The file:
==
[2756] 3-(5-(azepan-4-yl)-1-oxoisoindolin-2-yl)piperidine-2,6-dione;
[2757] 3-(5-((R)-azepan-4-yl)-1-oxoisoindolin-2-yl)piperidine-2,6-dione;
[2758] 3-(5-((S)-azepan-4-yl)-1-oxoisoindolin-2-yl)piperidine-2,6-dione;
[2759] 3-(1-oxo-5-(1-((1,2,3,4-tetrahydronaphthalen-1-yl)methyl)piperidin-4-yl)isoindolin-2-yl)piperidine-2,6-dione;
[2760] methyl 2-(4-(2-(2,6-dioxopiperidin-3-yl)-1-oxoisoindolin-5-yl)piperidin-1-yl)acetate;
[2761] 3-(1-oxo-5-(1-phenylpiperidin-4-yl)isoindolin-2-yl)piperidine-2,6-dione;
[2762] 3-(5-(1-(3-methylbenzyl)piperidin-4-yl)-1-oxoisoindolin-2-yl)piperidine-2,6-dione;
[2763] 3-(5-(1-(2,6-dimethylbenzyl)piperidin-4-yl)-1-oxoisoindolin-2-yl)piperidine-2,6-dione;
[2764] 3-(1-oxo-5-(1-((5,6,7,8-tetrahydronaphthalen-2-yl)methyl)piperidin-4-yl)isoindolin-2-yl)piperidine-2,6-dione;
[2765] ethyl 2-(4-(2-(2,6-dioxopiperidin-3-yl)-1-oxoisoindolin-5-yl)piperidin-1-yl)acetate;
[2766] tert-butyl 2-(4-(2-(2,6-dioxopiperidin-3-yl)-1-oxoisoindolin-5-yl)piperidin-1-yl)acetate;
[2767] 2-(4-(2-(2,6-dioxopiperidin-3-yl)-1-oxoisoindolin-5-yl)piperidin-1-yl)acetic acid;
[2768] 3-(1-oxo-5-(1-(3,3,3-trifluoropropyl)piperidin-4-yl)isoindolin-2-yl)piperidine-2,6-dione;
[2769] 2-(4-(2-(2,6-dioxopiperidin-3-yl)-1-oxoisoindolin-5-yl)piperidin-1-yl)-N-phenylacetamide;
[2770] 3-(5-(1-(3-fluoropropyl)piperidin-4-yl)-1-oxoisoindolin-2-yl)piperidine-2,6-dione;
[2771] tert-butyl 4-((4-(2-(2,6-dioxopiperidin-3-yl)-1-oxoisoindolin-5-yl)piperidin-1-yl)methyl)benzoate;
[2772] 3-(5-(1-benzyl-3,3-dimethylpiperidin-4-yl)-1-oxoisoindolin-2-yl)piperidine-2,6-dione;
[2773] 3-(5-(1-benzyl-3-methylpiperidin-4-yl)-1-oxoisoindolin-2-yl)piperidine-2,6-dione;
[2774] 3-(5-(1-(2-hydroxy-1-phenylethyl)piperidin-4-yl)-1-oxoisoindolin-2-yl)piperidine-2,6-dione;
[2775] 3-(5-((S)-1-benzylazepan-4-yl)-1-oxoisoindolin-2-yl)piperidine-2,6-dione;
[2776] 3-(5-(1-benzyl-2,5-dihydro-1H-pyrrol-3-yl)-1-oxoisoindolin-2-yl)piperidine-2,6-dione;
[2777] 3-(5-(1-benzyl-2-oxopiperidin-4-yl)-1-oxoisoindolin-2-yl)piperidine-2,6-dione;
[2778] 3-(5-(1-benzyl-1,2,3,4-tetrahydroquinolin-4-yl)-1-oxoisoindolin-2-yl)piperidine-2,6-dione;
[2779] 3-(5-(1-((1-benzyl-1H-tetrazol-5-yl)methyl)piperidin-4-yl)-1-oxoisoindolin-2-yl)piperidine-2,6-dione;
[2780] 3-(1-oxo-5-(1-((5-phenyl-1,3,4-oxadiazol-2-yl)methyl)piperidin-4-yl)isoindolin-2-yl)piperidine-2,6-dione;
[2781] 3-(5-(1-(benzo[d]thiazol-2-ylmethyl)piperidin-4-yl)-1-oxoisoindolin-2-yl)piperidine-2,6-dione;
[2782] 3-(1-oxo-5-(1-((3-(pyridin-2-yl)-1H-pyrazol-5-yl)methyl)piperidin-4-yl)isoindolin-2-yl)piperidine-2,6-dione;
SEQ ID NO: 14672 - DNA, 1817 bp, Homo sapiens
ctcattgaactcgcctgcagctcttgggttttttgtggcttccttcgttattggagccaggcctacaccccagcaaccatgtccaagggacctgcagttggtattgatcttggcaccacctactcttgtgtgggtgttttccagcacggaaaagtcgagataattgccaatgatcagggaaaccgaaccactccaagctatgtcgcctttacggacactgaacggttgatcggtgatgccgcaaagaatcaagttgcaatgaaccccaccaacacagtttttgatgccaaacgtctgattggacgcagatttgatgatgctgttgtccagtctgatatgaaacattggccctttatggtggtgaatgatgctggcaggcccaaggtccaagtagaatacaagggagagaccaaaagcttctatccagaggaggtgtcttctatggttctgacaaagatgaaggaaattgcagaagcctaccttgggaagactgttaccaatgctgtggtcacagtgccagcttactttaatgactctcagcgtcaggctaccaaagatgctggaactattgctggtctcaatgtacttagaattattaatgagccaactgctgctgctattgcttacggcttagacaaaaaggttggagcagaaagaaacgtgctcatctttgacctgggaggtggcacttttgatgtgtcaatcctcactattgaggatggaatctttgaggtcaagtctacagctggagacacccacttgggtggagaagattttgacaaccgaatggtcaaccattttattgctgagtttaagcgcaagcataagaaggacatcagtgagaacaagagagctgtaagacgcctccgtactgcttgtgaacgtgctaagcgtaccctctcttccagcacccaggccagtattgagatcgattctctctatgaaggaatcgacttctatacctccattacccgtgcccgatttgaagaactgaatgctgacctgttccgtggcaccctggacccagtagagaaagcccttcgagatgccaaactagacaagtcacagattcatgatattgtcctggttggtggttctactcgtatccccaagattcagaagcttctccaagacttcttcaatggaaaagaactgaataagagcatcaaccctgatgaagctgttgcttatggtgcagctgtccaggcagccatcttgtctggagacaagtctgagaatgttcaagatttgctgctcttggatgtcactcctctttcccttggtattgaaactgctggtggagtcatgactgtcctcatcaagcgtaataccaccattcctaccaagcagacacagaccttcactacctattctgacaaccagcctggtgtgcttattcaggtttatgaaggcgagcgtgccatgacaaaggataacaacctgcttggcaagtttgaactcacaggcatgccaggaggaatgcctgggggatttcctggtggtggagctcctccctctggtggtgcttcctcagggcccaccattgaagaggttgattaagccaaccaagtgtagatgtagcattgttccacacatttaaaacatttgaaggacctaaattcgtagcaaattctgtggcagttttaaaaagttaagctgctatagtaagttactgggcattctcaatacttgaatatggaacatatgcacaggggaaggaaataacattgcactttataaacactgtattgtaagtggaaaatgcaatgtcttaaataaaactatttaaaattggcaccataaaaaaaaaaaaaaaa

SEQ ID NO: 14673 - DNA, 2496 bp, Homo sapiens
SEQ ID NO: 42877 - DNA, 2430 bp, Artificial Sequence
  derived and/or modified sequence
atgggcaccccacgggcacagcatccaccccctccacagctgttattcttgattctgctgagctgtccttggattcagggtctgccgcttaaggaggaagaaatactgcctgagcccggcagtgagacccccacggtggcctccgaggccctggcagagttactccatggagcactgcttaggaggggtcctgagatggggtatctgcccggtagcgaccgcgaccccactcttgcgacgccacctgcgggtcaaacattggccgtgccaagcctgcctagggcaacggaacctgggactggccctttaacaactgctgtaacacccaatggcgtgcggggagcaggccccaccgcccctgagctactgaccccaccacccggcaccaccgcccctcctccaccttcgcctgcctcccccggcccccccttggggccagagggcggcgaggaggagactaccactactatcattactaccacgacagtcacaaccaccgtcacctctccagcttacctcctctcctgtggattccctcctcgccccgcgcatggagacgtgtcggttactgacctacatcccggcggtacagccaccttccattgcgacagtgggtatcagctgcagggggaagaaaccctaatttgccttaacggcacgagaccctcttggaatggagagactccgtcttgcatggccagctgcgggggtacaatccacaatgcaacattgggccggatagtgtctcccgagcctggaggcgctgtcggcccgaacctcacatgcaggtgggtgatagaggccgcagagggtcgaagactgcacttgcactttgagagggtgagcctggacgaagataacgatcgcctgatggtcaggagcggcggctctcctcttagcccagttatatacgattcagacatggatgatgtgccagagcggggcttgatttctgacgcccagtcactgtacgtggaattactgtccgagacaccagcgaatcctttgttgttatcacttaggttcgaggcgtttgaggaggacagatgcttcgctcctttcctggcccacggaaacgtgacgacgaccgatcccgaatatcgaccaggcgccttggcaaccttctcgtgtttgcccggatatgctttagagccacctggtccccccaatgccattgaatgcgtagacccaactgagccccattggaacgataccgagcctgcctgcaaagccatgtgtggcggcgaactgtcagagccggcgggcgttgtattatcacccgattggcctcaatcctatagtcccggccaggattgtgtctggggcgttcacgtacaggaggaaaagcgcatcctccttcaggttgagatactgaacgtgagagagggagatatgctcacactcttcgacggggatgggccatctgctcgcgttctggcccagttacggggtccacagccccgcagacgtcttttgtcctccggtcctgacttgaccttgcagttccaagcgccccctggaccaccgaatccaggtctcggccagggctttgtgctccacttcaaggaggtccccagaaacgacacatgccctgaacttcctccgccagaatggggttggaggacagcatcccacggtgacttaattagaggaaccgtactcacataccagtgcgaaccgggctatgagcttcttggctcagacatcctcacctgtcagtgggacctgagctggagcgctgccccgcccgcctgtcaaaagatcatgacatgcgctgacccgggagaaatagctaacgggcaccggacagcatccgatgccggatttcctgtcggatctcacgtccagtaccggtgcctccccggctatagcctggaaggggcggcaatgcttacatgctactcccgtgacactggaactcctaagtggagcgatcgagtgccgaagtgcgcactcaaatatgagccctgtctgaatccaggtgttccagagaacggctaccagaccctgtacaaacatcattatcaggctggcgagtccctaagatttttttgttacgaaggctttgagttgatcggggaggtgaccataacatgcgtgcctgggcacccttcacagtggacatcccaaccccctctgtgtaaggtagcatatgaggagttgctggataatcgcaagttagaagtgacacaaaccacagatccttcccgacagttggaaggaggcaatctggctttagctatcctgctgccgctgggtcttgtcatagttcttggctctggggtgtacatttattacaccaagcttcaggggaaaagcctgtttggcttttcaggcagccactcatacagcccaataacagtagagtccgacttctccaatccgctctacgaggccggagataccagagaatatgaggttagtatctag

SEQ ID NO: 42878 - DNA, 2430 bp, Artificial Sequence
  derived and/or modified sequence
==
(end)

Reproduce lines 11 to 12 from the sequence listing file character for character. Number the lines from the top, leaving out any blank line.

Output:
[2766] tert-butyl 2-(4-(2-(2,6-dioxopiperidin-3-yl)-1-oxoisoindolin-5-yl)piperidin-1-yl)acetate;
[2767] 2-(4-(2-(2,6-dioxopiperidin-3-yl)-1-oxoisoindolin-5-yl)piperidin-1-yl)acetic acid;